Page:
By ALAN SMASON, Exclusive to the CCJN
When clarinetist and music professor Steven Cohen returned to New Orleans last week to appear in concert with the Miró Quartet, it was a working vacation, but also a trip to a place he formerly called home. The Northwestern University professor and his wife had been longtime residents of the city, but after many years associated with the Louisiana Philharmonic Orchestra (LPO)and its predecessor, the New Orleans Symphony Orchestra, Cohen had moved away from the Crescent City in 2004.
His wife, a cellist with the orchestra, followed suit a decade later, after Cohen had firmly established himself at Northwestern University, following a brief, one-year stop at the University of Cincinnati’s Conservatory of Music.
His first day at the campus located in Evanston, Illinois was fortuitous, he remembered. It was August 29, 2005 – the day that Hurricane Katrina made landfall in New Orleans and when the city’s infrastructure of levees and drainage canals began to fail.
Both his wife and daughter had stayed behind, creating a great deal of angst and concern about recovery and rebuilding.
“It was a difficult time,” he recalled in an exclusive phone interview with the CCJN.
But, Cohen had always seized on an opportunity when it presented itself. Just before the New Orleans Symphony Orchestra failed and the LPO was born out of necessity, he had been teaching as part of the faculty at Loyola University. Occasionally, he would also teach some Tulane University students.
Then, a professor’s departure from the Louisiana State University School of Music created a position which was offered to Cohen. He accepted it and for the next 15 years, he commuted to the Baton Rouge campus. “That’s why I’m here now,” he noted about his present position.
Cohen has grown accustomed to traveling, though. Since 1979, he has also been involved with the Brevard Music Festival located in the Blue Ridge Mountains near Hendersonville, North Carolina. He and his wife are typically away for most of the summer.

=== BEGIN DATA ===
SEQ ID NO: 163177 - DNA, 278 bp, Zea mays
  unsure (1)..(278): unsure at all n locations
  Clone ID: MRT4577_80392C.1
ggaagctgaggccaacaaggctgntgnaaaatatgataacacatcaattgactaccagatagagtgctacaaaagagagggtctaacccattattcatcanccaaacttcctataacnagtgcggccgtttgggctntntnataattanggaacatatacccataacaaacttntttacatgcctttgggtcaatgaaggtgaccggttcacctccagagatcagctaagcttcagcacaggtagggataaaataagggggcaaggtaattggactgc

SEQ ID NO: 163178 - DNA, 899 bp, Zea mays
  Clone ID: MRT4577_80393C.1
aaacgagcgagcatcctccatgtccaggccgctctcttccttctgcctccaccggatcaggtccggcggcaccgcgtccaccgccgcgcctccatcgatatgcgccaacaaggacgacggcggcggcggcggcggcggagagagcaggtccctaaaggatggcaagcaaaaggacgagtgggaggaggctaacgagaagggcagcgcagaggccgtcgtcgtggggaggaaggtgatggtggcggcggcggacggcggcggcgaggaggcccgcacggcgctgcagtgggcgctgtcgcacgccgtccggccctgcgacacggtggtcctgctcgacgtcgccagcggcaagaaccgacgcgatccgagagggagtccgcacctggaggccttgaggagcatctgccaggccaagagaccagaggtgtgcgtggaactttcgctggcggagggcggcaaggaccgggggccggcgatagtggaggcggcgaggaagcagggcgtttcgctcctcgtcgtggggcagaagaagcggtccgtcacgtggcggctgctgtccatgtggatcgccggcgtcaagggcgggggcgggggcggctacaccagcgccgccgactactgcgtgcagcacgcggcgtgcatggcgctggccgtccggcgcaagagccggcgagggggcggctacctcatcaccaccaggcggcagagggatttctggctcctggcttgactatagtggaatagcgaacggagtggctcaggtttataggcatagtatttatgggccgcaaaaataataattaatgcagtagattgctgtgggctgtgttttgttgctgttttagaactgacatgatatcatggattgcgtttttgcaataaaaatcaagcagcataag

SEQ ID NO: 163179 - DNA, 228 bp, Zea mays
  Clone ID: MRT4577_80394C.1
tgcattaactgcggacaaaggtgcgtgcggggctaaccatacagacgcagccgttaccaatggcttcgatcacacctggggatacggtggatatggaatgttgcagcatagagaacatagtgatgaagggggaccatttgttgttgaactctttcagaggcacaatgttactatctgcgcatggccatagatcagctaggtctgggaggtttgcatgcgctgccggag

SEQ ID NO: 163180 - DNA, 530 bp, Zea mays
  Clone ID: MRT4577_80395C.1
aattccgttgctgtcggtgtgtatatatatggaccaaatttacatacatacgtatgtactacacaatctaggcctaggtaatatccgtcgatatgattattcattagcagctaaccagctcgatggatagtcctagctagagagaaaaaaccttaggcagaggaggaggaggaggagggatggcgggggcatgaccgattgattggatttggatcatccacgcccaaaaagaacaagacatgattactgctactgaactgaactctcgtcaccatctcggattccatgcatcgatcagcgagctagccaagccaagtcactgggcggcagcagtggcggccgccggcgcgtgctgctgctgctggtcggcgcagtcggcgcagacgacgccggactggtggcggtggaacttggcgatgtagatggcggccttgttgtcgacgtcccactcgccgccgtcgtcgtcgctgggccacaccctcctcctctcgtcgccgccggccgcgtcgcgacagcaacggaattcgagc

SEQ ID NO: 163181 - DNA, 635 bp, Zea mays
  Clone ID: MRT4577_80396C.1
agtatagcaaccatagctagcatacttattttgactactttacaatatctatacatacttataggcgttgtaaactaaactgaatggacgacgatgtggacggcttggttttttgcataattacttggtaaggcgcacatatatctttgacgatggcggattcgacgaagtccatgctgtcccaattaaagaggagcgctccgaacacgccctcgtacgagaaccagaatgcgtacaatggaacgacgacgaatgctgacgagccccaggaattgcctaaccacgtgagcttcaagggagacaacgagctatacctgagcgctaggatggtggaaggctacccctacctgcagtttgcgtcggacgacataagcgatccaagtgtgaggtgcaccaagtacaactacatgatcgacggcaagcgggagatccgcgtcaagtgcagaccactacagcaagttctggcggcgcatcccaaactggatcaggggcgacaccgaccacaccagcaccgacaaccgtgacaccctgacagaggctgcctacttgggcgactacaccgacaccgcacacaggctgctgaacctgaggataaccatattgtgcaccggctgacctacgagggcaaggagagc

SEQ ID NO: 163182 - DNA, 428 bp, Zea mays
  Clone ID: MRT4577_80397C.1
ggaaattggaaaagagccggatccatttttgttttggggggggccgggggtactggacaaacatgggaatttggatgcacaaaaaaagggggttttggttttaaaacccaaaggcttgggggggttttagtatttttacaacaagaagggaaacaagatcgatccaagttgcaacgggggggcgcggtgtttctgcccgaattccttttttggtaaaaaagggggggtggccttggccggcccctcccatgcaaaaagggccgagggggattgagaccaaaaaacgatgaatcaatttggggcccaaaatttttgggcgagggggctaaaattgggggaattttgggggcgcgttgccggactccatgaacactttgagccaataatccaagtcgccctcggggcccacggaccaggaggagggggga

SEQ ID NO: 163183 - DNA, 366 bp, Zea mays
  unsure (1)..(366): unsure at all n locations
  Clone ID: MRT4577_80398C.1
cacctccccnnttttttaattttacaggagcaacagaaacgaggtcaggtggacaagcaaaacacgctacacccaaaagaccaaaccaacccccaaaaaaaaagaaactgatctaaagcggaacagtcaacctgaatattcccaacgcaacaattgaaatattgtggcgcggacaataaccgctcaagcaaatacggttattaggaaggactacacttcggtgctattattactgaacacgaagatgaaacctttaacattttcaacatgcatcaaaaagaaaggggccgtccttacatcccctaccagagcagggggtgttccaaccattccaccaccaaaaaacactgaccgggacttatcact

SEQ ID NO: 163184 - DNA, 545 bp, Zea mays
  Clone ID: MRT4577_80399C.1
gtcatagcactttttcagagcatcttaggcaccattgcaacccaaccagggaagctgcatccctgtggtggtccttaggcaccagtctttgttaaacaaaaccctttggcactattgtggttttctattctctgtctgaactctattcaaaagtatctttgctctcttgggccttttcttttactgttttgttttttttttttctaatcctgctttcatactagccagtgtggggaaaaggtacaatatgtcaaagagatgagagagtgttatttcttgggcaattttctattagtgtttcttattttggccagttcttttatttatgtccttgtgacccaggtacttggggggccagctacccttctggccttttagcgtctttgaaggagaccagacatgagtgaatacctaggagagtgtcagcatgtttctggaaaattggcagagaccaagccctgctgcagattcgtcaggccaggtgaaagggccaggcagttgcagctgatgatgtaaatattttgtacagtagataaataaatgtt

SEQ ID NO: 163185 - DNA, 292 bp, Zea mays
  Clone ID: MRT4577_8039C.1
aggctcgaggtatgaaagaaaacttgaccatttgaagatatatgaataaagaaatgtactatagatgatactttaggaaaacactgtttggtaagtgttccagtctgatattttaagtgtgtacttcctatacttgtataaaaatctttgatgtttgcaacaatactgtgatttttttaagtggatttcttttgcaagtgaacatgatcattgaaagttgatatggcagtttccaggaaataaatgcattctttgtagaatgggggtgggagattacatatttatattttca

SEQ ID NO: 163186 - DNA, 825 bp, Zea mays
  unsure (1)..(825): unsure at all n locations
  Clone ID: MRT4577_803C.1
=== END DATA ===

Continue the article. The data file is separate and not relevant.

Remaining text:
Yet, it was as an invited collaborator with the Miró Quartet out of Austin, Texas, that Cohen was able to return to his former home this past week. The performance was held in Roussel Hall on the Loyola University campus on Monday night, April 8.
“A couple of years ago, the University of Texas at Austin found themselves in an uncomfortable position,” Cohen explained. “They had to find a clarinet teacher fast, because they asked the previous one to leave.” Again, it was: “Have clarinet. Will travel.” Cohen was invited to come to Texas for a year, where he was introduced to the Miró Quartet members, who serve on the faculty there.
“I got to know the Miró guys and I played a concert with them there,” he continued. When the Friends of Music planned its season, it made sense to select Cohen and the Miró Quartet. Their relationship continues to expand. “Actually, we’re playing another concert here in Chicago next year,” he noted.
In preparation for the concert, Cohen flew down from Illinois and met with the Miró Quartet in order to practice the two big numbers, the Brahms and Mozart Clarinet Quintets in March. They rehearsed again last week, once his plane landed on Thursday night and also had several other offerings such as master classes at Loyola and some work with the Greater New Orleans Youth Orchestras.
“It’s kinda a residency,” he said. “I just have to work out my schedule. It’s not so hard.”
A member of the International Clarinetists Association, Cohen cites his busy career as a reason why he hasn’t always had time to make commercial recordings, but his work has been heard on a number of live recordings. “Mostly, it’s been performing and teaching and I still do that quite a lot.”